In this week’s profile of the bridge-building, car-loving exploits of Transit commish Janette Sadik-Khan, there was not time or space to include the insights of Tom Vanderbilt, the cleverly counter-intuitive author of Traffic: Why We Drive the Way We Do (and What It Says About Us). Still, he had an interesting take we’d like to share here.
Well I guess the idea comes a bit out of left field for me; of any number of big city transportation people I’ve talked to in recent years, I can’t think of any who really had the idea of improving car travel on the top of their agenda. In NYC, where cars are the minority mode, this seems to make even less sense.
And unfortunately, JSK has no authority over some of the things that really would improve traffic flow, like congestion charging. I would argue that the things she has done that have made things better for drivers are precisely those things that many drivers see as impositions; on PPW or Ninth Avenue or any other number of sites, traffic calming has helped reduce the instance of drivers injuring themselves or others; the city’s parking policies are finally creeping toward rational pricing, increasing turnover and reducing the amount of ‘cruising’ for parking; etc. I’d say the biggest change from her predecessors is precisely the amount of ink she has generated; most New Yorkers who could name her would be hard-pressed to name any of the city’s prior transportation commissioners, who mostly preserved the dysfunctional status quo.
On things I would change if I could: East river bridge tolls; the ‘boulevardization’ of chaotic streets like Brooklyn’s Fourth, Atlantic and Flatbush Avenues; bike sharing and ‘transit stations’; paid residential parking permits (NYC is the only big city without these), dedicated hybrid car-share parking spaces, 20 mph speed limits for neighborhoods (which is really most streets here), and the design to back them up, full ban on cars in Central/Prospect Park….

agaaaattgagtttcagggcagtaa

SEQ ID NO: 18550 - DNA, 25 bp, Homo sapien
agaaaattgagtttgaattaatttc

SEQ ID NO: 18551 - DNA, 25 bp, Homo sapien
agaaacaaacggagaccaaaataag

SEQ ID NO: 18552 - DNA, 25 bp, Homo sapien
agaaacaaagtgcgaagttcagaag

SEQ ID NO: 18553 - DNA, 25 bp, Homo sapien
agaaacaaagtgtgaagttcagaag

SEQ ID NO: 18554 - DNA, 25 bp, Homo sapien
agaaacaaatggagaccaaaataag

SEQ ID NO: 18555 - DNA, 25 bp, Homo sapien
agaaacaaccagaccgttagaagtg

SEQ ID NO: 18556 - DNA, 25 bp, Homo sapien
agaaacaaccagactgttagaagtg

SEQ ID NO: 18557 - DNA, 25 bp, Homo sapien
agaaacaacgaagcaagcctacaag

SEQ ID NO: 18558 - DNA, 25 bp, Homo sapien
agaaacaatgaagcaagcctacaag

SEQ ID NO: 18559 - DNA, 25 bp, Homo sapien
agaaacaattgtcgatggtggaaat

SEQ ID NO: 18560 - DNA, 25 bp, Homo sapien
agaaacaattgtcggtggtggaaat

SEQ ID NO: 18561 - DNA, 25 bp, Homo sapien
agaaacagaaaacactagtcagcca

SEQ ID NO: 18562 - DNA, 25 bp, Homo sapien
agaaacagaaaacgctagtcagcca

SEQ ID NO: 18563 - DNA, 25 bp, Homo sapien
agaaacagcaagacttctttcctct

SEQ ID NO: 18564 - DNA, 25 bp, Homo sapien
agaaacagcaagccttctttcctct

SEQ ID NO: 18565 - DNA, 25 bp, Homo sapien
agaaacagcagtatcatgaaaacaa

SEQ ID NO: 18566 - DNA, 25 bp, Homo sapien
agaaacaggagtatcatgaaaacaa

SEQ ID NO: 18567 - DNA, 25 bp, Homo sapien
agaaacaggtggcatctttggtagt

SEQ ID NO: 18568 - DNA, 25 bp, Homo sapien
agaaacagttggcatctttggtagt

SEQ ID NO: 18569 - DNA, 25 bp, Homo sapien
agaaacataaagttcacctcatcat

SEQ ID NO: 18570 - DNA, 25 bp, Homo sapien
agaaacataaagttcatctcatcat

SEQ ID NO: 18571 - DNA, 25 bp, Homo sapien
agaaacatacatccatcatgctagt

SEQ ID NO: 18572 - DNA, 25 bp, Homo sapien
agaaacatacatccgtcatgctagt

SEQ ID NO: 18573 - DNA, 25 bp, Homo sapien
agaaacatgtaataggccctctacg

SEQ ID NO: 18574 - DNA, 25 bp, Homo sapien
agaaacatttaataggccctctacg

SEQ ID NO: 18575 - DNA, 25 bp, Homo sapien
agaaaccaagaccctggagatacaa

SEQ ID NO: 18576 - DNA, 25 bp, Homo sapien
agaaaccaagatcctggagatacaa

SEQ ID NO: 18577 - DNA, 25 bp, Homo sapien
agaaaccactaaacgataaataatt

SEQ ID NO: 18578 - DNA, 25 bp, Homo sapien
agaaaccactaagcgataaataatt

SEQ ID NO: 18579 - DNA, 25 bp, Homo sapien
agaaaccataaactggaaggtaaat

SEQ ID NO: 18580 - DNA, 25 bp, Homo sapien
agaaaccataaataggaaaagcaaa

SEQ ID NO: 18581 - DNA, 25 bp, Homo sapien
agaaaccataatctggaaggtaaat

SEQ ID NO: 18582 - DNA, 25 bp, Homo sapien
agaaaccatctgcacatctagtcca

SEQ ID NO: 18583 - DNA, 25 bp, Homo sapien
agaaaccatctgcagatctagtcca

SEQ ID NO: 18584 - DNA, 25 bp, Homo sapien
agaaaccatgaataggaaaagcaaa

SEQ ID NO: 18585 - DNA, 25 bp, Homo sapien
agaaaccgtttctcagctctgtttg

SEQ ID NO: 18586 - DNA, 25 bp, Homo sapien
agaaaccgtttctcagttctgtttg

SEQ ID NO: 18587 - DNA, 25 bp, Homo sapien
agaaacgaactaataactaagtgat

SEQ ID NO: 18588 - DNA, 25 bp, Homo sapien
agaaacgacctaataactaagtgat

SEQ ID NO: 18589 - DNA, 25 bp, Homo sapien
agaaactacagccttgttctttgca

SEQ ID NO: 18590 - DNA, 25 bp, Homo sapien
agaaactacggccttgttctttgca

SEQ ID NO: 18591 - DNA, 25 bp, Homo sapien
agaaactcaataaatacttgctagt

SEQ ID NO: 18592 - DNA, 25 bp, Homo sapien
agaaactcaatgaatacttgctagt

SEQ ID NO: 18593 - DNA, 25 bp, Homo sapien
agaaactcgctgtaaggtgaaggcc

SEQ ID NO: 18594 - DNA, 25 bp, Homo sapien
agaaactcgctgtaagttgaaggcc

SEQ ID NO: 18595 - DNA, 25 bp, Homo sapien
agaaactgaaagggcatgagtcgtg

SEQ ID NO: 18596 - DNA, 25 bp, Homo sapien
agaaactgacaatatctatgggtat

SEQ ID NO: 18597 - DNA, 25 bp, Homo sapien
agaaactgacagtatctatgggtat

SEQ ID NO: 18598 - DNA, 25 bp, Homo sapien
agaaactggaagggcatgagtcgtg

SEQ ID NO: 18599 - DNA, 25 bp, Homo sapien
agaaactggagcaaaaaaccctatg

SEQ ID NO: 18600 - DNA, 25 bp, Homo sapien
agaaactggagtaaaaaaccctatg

The only measure of street quality I really care about is safety, and on that front she has succeeded, again, by mostly reducing drivers; ability to hurt themselves or those outside the car. I’d like to see more enforcement, as well — when’s the last time you actually saw some pulled over for reckless driving in NYC, or even exceeding the city-wide speed limit of 30?
Speaking of street safety, John Petro of the Drum Major Institute points us to a report he wrote with Transportation Alternatives showing how safter streets can save at least 100 lives a year in the city.